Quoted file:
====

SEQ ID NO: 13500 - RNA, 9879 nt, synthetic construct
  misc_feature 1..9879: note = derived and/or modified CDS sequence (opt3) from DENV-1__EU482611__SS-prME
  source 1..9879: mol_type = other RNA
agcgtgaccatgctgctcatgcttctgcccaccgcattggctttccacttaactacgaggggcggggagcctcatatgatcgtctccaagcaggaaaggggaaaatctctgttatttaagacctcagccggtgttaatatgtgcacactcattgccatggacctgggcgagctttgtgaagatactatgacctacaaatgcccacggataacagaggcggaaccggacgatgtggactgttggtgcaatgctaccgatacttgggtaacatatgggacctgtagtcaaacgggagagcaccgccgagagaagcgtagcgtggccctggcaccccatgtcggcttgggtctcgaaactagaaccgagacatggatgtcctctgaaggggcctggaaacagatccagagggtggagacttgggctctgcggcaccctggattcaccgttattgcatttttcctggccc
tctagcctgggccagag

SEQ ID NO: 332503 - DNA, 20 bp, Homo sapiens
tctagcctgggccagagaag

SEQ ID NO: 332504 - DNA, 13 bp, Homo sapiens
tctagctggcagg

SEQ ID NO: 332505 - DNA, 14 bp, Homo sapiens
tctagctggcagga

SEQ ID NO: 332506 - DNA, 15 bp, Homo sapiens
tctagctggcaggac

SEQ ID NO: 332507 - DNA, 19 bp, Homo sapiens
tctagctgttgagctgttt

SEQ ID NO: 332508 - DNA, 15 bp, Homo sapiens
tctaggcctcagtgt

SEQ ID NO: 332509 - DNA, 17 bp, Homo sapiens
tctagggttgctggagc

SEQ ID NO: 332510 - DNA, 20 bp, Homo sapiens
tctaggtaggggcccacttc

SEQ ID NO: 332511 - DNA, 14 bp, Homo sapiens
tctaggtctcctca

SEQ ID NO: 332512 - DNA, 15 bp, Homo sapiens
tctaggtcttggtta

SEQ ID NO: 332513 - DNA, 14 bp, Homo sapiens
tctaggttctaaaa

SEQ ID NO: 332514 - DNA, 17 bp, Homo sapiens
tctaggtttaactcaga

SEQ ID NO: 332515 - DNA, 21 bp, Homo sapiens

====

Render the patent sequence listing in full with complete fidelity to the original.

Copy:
SEQ ID NO: 13500 - RNA, 9879 nt, synthetic construct
  misc_feature 1..9879: note = derived and/or modified CDS sequence (opt3) from DENV-1__EU482611__SS-prME
  source 1..9879: mol_type = other RNA
agcgtgaccatgctgctcatgcttctgcccaccgcattggctttccacttaactacgaggggcggggagcctcatatgatcgtctccaagcaggaaaggggaaaatctctgttatttaagacctcagccggtgttaatatgtgcacactcattgccatggacctgggcgagctttgtgaagatactatgacctacaaatgcccacggataacagaggcggaaccggacgatgtggactgttggtgcaatgctaccgatacttgggtaacatatgggacctgtagtcaaacgggagagcaccgccgagagaagcgtagcgtggccctggcaccccatgtcggcttgggtctcgaaactagaaccgagacatggatgtcctctgaaggggcctggaaacagatccagagggtggagacttgggctctgcggcaccctggattcaccgttattgcatttttcctggccc
tctagcctgggccagag

SEQ ID NO: 332503 - DNA, 20 bp, Homo sapiens
tctagcctgggccagagaag

SEQ ID NO: 332504 - DNA, 13 bp, Homo sapiens
tctagctggcagg

SEQ ID NO: 332505 - DNA, 14 bp, Homo sapiens
tctagctggcagga

SEQ ID NO: 332506 - DNA, 15 bp, Homo sapiens
tctagctggcaggac

SEQ ID NO: 332507 - DNA, 19 bp, Homo sapiens
tctagctgttgagctgttt

SEQ ID NO: 332508 - DNA, 15 bp, Homo sapiens
tctaggcctcagtgt

SEQ ID NO: 332509 - DNA, 17 bp, Homo sapiens
tctagggttgctggagc

SEQ ID NO: 332510 - DNA, 20 bp, Homo sapiens
tctaggtaggggcccacttc

SEQ ID NO: 332511 - DNA, 14 bp, Homo sapiens
tctaggtctcctca

SEQ ID NO: 332512 - DNA, 15 bp, Homo sapiens
tctaggtcttggtta

SEQ ID NO: 332513 - DNA, 14 bp, Homo sapiens
tctaggttctaaaa

SEQ ID NO: 332514 - DNA, 17 bp, Homo sapiens
tctaggtttaactcaga

SEQ ID NO: 332515 - DNA, 21 bp, Homo sapiens